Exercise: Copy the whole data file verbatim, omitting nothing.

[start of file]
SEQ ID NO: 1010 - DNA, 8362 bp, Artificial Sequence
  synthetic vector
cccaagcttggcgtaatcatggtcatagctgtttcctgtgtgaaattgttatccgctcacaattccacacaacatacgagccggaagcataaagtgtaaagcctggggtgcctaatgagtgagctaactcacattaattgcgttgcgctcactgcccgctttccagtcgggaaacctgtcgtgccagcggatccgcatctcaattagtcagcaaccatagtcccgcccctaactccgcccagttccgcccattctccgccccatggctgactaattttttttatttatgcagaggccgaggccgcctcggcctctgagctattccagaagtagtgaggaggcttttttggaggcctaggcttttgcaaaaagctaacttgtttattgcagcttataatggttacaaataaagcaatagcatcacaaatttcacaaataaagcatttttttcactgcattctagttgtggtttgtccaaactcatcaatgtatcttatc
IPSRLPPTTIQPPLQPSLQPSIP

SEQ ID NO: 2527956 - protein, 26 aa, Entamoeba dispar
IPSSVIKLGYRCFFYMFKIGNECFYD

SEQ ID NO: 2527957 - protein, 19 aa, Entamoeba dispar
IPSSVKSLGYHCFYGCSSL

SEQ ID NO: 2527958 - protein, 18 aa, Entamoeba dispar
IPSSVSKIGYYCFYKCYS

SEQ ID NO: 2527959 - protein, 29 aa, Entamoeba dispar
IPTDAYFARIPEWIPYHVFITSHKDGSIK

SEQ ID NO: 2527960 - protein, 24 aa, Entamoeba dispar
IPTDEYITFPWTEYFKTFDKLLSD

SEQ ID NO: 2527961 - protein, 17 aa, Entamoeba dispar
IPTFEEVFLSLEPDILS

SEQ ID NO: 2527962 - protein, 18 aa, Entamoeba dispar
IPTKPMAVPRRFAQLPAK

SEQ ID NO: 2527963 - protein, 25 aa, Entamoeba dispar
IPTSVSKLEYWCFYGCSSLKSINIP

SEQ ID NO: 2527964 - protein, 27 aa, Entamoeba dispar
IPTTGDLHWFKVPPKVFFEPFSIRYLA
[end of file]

SEQ ID NO: 1010 - DNA, 8362 bp, Artificial Sequence
  synthetic vector
cccaagcttggcgtaatcatggtcatagctgtttcctgtgtgaaattgttatccgctcacaattccacacaacatacgagccggaagcataaagtgtaaagcctggggtgcctaatgagtgagctaactcacattaattgcgttgcgctcactgcccgctttccagtcgggaaacctgtcgtgccagcggatccgcatctcaattagtcagcaaccatagtcccgcccctaactccgcccagttccgcccattctccgccccatggctgactaattttttttatttatgcagaggccgaggccgcctcggcctctgagctattccagaagtagtgaggaggcttttttggaggcctaggcttttgcaaaaagctaacttgtttattgcagcttataatggttacaaataaagcaatagcatcacaaatttcacaaataaagcatttttttcactgcattctagttgtggtttgtccaaactcatcaatgtatcttatc
IPSRLPPTTIQPPLQPSLQPSIP

SEQ ID NO: 2527956 - protein, 26 aa, Entamoeba dispar
IPSSVIKLGYRCFFYMFKIGNECFYD

SEQ ID NO: 2527957 - protein, 19 aa, Entamoeba dispar
IPSSVKSLGYHCFYGCSSL

SEQ ID NO: 2527958 - protein, 18 aa, Entamoeba dispar
IPSSVSKIGYYCFYKCYS

SEQ ID NO: 2527959 - protein, 29 aa, Entamoeba dispar
IPTDAYFARIPEWIPYHVFITSHKDGSIK

SEQ ID NO: 2527960 - protein, 24 aa, Entamoeba dispar
IPTDEYITFPWTEYFKTFDKLLSD

SEQ ID NO: 2527961 - protein, 17 aa, Entamoeba dispar
IPTFEEVFLSLEPDILS

SEQ ID NO: 2527962 - protein, 18 aa, Entamoeba dispar
IPTKPMAVPRRFAQLPAK

SEQ ID NO: 2527963 - protein, 25 aa, Entamoeba dispar
IPTSVSKLEYWCFYGCSSLKSINIP

SEQ ID NO: 2527964 - protein, 27 aa, Entamoeba dispar
IPTTGDLHWFKVPPKVFFEPFSIRYLA